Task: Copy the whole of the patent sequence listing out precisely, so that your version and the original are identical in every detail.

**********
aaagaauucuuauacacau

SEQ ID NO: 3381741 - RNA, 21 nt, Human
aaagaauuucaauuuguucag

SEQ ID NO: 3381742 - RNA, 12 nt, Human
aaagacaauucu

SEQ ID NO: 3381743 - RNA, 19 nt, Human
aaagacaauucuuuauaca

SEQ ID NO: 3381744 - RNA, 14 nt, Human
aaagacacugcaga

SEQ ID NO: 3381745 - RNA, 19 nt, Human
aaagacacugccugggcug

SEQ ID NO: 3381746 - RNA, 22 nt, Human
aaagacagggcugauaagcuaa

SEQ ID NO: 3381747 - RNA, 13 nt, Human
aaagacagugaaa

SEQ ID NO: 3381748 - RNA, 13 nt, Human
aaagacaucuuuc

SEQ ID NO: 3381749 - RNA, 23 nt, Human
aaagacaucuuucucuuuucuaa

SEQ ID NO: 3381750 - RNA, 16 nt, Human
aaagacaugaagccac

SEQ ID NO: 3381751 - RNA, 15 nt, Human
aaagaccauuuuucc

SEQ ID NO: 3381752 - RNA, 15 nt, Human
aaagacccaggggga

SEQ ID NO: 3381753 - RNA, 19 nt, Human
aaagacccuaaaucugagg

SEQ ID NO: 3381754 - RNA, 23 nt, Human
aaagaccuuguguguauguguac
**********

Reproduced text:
aaagaauucuuauacacau

SEQ ID NO: 3381741 - RNA, 21 nt, Human
aaagaauuucaauuuguucag

SEQ ID NO: 3381742 - RNA, 12 nt, Human
aaagacaauucu

SEQ ID NO: 3381743 - RNA, 19 nt, Human
aaagacaauucuuuauaca

SEQ ID NO: 3381744 - RNA, 14 nt, Human
aaagacacugcaga

SEQ ID NO: 3381745 - RNA, 19 nt, Human
aaagacacugccugggcug

SEQ ID NO: 3381746 - RNA, 22 nt, Human
aaagacagggcugauaagcuaa

SEQ ID NO: 3381747 - RNA, 13 nt, Human
aaagacagugaaa

SEQ ID NO: 3381748 - RNA, 13 nt, Human
aaagacaucuuuc

SEQ ID NO: 3381749 - RNA, 23 nt, Human
aaagacaucuuucucuuuucuaa

SEQ ID NO: 3381750 - RNA, 16 nt, Human
aaagacaugaagccac

SEQ ID NO: 3381751 - RNA, 15 nt, Human
aaagaccauuuuucc

SEQ ID NO: 3381752 - RNA, 15 nt, Human
aaagacccaggggga

SEQ ID NO: 3381753 - RNA, 19 nt, Human
aaagacccuaaaucugagg

SEQ ID NO: 3381754 - RNA, 23 nt, Human
aaagaccuuguguguauguguac